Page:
John Oliver Shines a Light About the Downsides of Warehouse Work


Being an employment lawyer for quite awhile, I’ve gotten to know pretty much every large industry in California.

One big business in California is warehouse work. A lot of work is done moving product from the port in Long Beach to the warehouses in the Inland Empire, and then shipping out the product throughout the region or country.

These days, however, there’s another type of warehouse work that is done. Ecommerce warehouse work is much different than regular warehouse work. If you don’t know John Oliver, he has a weekly commentary comedy show on HBO that goes over the week’s news.

This last Sunday he did warehouses. He would have called it fulfillment centers, but a lot fewer people know what that means than what a warehouse is.

These jobs pay pretty well. They give steady hours. People are happy to have them. Most people really need the money these jobs generate. As a result, and I see it all the time, people are afraid of losing these jobs. They’re afraid of doing anything that would risk their job. I think that’s fine, especially in the short term.

But for anyone who thinks this work is a good career choice, there’s a great new episode of Last Week Tonight with John Oliver you should watch. He shares the in-depth portion of his Sunday show on YouTube. Even if you have no interest, it’s still an entertaining show.

The difference between a regular warehouse and a fulfillment center, which John explains so well, is Amazon. A regular warehouse shipping stuff to other businesses or to different parts of the same business doesn’t compete with Amazon. But any ecommerce business competes with Amazon and has to deal with Amazon Prime.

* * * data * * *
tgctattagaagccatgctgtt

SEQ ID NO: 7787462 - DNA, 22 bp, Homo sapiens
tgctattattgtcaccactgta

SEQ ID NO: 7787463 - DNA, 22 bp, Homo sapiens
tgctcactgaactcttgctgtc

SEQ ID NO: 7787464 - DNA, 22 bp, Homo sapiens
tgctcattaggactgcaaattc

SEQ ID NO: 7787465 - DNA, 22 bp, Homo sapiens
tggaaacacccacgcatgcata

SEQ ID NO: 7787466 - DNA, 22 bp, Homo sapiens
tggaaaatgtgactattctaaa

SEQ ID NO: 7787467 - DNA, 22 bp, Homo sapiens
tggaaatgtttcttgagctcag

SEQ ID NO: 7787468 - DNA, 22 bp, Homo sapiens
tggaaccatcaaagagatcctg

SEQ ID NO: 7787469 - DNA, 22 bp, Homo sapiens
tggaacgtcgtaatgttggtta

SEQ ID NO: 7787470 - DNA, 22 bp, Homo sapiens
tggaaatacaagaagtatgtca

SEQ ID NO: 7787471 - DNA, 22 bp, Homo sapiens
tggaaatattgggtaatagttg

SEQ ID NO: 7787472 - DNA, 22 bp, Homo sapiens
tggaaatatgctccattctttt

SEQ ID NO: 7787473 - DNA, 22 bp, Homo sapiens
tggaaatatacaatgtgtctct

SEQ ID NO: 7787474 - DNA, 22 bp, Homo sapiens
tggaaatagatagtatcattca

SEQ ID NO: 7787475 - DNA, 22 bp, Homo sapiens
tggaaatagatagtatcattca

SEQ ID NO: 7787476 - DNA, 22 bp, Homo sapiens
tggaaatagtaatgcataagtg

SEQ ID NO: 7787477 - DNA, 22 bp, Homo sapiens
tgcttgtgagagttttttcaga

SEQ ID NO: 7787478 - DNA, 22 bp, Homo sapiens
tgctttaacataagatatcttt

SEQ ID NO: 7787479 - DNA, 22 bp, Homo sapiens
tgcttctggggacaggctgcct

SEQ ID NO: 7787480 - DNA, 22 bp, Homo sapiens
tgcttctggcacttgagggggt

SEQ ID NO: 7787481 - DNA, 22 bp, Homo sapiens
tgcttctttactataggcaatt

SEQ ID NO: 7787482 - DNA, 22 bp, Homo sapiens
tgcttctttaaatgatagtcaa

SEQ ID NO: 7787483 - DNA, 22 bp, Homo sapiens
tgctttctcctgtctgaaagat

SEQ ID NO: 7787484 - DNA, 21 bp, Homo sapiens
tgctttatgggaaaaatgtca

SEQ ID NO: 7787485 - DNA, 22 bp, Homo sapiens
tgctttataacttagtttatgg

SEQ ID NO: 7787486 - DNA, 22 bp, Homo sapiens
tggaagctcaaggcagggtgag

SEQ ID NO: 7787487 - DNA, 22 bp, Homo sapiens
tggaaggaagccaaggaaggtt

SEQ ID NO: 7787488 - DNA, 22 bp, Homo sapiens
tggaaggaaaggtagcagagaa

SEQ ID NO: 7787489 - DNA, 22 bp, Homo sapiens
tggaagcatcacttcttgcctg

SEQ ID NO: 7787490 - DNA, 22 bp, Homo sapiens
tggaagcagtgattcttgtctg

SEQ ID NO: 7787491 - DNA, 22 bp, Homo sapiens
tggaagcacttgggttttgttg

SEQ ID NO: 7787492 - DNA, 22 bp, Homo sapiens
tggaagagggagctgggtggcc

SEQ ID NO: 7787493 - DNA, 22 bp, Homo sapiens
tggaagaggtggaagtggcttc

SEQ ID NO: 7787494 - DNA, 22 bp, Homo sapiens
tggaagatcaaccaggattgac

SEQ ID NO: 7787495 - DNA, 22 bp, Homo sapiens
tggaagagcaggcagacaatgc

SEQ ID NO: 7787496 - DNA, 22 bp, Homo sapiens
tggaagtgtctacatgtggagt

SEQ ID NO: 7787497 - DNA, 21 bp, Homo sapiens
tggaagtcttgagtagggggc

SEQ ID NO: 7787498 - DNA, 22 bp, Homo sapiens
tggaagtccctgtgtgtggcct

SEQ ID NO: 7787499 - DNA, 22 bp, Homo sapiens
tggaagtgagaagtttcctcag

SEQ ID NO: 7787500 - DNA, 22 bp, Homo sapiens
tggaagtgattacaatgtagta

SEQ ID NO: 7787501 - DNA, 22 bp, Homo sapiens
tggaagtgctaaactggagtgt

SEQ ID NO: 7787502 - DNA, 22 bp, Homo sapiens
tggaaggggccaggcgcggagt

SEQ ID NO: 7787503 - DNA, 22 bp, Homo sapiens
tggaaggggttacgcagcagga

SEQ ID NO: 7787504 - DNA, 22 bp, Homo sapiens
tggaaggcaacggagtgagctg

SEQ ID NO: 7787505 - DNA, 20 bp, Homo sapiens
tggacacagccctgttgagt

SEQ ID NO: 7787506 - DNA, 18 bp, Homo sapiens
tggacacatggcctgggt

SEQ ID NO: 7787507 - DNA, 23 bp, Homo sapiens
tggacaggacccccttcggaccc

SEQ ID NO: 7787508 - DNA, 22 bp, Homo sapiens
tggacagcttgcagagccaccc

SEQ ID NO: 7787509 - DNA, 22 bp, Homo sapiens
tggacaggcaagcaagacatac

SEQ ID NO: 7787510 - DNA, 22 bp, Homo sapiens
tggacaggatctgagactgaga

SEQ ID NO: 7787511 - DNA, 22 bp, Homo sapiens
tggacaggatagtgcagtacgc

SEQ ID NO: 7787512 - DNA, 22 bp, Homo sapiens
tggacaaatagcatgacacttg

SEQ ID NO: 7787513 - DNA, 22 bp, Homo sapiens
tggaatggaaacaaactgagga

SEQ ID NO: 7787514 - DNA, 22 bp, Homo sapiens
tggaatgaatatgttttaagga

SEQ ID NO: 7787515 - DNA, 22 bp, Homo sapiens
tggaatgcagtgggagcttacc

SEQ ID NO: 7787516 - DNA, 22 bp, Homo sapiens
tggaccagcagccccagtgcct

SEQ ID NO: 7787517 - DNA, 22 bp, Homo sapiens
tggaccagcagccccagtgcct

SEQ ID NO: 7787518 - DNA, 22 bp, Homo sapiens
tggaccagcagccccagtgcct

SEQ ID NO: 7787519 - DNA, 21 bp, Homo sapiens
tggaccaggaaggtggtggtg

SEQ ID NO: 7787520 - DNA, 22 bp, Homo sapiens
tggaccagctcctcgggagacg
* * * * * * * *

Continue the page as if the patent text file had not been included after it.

Amazon standardized 2 day delivery, and now they’re doing 1 day delivery. As a result, their workers have to work very, very hard. Rather than describe it, just watch the show. He does a far better job than I could ever do.

One thing I’d like to say that he doesn’t focus on is what happens when you get injured working at a fulfillment center. Aside from the injury itself (here’s a great recent article on injury at Amazon by Mother Jones), at some companies management will write you up just for getting hurt. You’re working as fast as you can so you can keep your job (read: not get written up falling behind the required breakneck pace). It’s no surprise you’ll eventually get hurt. When you report the injury, you get written up for ‘not working safe’.

It’s another way to discourage you from ever reporting injury. What happens if you have a repetitive strain injury that you don’t report until it is unbearable? Well obviously it can’t be from work, since if you were injured earlier you would have reported it!

It’s a lose/lose/lose situation.

The workers’ comp games employers play are ridiculous but sadly, true.

As a note, my office doesn’t take workers’ compensation cases. Just trying to highlight how some places treat their workers and to be smart about where you place your loyalty.


About the Author
Kenneth Yoon is the founder Yoon Law, APC.